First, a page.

LURW£W,,::(lil'cuit was ,action 'go a policy of, in· surance upon the life of Mrs. Sarah Ritter, the defendant in error !,being the-beneficiary w'wbbmthesumaasuredwas to be paid on ': the death 'Mrs. Ritier. 'A: jury w8.swalved by :w.n tten stipulation entered record, submitted to the'leourt, The court found for the' plaintiff,' and rendered judgment, for the full sum assessed"wHb interest. The errors assigned by the appellant are " these:
"(1) The said court erred inoonliltliulng that the charter of the defendant, the Kentucky IJife & Accident Insurance COqJpany, PJlilli):lited in the trial. s;t19,. CO,mpany to: policies (2) It no, ,'gin thiS or,d,, t'bat the dalman,'t, OhllX,lotte A., H,am,,ilton, 1s, or daughwr"oftbe ,assured, Ritter, the court erred inll.dJu4ging to said cla.lmant"ihe maJl;inil,lw ll.moWltofthe policy sued on, with interest. (3) The court erred in holdlng thltt legislature of KenautMrt'ze it to make wager tucky did, Qr l;9ulll, by act PQIIcies and, coml1ll.ny CQll1d, under its cha.rt.er, dId, "bJQd,lng contrilct"w1tll Sa,fah E. Ritter, where, , by it shoul/l ,said ,A..,Hamllt?:n; on the, death of said Ritter, any sum the sum oflhllebtooness of said rotter to said Hamilto,n. : (4) The court erred In sIgning jUdgment fOl'clil.imant, Hamilton, under the .,' ",',' pleitdingsaq,d evidence of the...caSe."" ] ".' :.," ."
Section 649 of the Revised Statutes provides that a jury may be ," waived" and iSI,>lJ.es, of and by the court, upon a stipulation,iA: finding :of, the c(}urt upon the facts may be general or specia:l,and, 'by the statute, is given the same . effect astlre''Verdict ofa;jury. , By section 700 the method of reviewinga']tidgment so' is provided. Thalt seetionis in ,tbe,se words':. . '. " , "
'''When factinany civil :cause ina. circuit court is tried and determinedbY'ttiecourt, wltlidutthei-llterventIon ofa jury, according' to sec. tio:il six hundred 'and forty-nine, the rulings of the court in the progress of the trial of the ,.ilatlse, 'if excepted to at the time, and duly presented by a bill :of exceptio1!tS,may 00 re'ltiewed by the supreme court upon a writ of error or upon an ap.peal; and when the findlriglsspeclal the review may extend to the determination of the sufIlciency of the facts found'to support the judgment." . ',' i,,' ,,;,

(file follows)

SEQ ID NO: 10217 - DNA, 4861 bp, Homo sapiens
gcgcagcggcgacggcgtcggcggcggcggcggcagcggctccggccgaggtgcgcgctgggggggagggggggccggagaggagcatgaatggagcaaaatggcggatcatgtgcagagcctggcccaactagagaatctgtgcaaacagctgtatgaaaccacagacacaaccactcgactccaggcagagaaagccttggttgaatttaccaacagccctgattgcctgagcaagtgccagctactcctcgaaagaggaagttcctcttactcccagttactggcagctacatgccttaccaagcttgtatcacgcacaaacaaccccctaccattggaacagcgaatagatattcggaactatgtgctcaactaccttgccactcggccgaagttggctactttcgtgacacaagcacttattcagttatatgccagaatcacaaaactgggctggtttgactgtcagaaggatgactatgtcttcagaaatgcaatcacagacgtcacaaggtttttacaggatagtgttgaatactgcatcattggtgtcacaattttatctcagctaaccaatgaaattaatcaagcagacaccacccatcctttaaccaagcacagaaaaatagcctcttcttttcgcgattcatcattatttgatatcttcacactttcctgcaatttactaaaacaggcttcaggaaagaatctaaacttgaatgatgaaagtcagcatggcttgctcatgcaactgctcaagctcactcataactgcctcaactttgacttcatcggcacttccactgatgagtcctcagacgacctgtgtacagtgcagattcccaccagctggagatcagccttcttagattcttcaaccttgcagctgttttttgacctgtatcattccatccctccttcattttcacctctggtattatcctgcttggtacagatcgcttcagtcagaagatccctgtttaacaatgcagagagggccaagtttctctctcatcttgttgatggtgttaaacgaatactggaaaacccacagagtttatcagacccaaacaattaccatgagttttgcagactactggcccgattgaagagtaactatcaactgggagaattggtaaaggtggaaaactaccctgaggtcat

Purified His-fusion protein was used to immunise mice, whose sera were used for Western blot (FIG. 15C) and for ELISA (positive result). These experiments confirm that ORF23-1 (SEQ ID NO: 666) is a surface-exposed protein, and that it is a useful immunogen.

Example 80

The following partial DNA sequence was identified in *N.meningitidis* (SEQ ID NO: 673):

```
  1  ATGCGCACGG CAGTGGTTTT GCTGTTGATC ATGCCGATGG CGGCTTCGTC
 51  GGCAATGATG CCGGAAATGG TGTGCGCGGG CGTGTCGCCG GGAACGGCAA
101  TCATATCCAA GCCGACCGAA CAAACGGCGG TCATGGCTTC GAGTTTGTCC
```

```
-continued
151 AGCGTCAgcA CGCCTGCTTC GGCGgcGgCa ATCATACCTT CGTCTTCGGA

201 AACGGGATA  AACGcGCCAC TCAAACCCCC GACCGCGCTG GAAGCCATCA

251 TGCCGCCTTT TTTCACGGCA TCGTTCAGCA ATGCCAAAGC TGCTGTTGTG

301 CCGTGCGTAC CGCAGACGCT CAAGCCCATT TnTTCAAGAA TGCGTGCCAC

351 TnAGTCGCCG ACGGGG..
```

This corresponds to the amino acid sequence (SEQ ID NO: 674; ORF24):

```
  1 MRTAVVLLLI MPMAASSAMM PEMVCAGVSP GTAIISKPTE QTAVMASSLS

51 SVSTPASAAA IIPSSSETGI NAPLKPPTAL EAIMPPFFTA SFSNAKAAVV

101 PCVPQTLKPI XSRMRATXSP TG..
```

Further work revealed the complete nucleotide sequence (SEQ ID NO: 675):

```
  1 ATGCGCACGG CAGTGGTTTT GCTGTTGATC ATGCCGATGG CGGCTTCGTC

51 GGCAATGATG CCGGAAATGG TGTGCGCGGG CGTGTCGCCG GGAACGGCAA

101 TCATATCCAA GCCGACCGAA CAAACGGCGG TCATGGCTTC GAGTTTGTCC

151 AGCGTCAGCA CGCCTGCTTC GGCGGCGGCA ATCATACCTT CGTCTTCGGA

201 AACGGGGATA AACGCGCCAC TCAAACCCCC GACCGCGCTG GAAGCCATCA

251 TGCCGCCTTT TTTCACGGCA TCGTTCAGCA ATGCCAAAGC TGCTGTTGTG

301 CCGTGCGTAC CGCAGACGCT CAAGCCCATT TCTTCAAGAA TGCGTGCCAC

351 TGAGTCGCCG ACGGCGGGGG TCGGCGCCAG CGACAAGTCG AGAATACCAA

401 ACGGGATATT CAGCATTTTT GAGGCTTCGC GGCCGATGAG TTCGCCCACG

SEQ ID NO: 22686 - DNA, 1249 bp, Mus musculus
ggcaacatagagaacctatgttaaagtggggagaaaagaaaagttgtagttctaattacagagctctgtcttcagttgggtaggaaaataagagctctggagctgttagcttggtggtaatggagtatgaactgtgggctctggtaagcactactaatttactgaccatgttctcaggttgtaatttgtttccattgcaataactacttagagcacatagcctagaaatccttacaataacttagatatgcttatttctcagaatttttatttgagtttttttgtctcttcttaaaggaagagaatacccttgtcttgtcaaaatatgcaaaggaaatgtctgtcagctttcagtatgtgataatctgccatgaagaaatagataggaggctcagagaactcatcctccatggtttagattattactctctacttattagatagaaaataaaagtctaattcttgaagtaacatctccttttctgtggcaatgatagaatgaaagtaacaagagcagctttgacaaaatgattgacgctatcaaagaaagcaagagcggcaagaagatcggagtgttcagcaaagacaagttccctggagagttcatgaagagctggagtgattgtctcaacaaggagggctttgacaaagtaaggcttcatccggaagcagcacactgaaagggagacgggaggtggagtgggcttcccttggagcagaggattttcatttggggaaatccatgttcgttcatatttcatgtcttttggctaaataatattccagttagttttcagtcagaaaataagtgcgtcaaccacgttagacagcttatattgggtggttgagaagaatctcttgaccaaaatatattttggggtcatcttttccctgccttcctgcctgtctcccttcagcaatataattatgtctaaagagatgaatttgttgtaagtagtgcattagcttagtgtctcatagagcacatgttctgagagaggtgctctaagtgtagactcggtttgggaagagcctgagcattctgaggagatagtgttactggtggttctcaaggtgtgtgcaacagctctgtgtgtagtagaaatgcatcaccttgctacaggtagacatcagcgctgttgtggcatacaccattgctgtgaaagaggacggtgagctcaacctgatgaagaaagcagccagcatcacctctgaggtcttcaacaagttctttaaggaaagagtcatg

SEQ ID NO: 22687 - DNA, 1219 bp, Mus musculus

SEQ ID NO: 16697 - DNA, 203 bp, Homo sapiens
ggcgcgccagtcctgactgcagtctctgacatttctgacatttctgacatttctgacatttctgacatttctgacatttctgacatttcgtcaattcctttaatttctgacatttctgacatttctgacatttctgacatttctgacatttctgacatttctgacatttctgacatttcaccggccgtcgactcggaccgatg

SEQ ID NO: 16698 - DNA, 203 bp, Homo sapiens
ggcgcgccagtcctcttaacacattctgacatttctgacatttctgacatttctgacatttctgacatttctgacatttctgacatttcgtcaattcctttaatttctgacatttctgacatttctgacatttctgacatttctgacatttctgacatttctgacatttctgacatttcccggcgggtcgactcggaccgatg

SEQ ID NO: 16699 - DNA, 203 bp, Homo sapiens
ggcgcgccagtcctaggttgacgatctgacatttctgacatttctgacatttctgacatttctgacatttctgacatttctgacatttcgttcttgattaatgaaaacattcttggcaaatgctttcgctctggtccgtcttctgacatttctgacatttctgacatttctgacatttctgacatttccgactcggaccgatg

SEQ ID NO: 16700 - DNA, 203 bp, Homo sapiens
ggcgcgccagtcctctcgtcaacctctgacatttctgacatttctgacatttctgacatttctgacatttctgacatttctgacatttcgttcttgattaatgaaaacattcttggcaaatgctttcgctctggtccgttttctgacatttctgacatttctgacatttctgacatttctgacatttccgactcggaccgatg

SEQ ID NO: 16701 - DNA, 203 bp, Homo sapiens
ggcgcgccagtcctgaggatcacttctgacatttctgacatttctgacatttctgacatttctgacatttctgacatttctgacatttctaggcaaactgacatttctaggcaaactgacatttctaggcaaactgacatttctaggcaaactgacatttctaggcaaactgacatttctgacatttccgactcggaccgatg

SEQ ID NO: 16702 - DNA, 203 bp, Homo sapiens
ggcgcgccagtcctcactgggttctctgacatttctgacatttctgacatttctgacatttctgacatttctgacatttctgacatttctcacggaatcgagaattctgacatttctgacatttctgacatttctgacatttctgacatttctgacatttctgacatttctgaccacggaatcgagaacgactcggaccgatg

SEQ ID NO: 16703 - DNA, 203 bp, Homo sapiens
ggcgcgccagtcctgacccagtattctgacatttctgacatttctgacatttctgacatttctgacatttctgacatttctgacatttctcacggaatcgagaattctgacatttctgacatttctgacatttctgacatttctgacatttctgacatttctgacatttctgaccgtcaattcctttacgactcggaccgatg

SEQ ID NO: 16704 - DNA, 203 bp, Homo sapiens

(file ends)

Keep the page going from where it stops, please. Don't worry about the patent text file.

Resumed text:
'Jlhere was no such special finding of facts by the court as required "in order to ,enable thiscoul'tto determine the sufficiency of the facts to support 'the judgment entry was)as follows:
",And on aIIMher term of said ooUrt, tow!t, on Tuesday, July 18, 1893, eaid plalntit'l!. by Azro Dyer, Jlerattornlly, saId defendant, by Marc Mundy, its attorney, and it appearing that l;1eretofore, to wit, on the 15th day of April, 1893, this cause was, by agreement of parties, submitted to the court for trial Without the intervention 9f a jury; that afterwards, to wit, on the 31st day of MaJ', 18D3, the court 'delivered a written
KENTUCKY LIFE &, ACC.INS. CO.
opinion, and made a finding of all -the issues tn favor of the platntil'J', assessed her 'damages in the sum of five thousand dollars, with six per cent. interest from June 24, 1892; that afterwards, to wit, on the 1st day of June, 1893, the said defendant entered a motion for new trial upon written groundsfiled,-the said motion for a new trial is now submitted to the comt, and, the court being sufficiently advised, the said motion is overruled. It is therefore considered, ordered, and adjudged by the court that the plaintifl',Charlott& A. Hamilton, recover of and from the defendant, the Kentucky Life & Accident, Insurance Company, the sum of five thousand' dollars, with interest thereon at the rate of six per cent. per annum froill-the,24th day of .June, 1892,_ until paid, also her costs herein expended, for which she may have executions. On motion of defendant, it is ordered that it do have fifteen days to· file a bill of exc-eptions."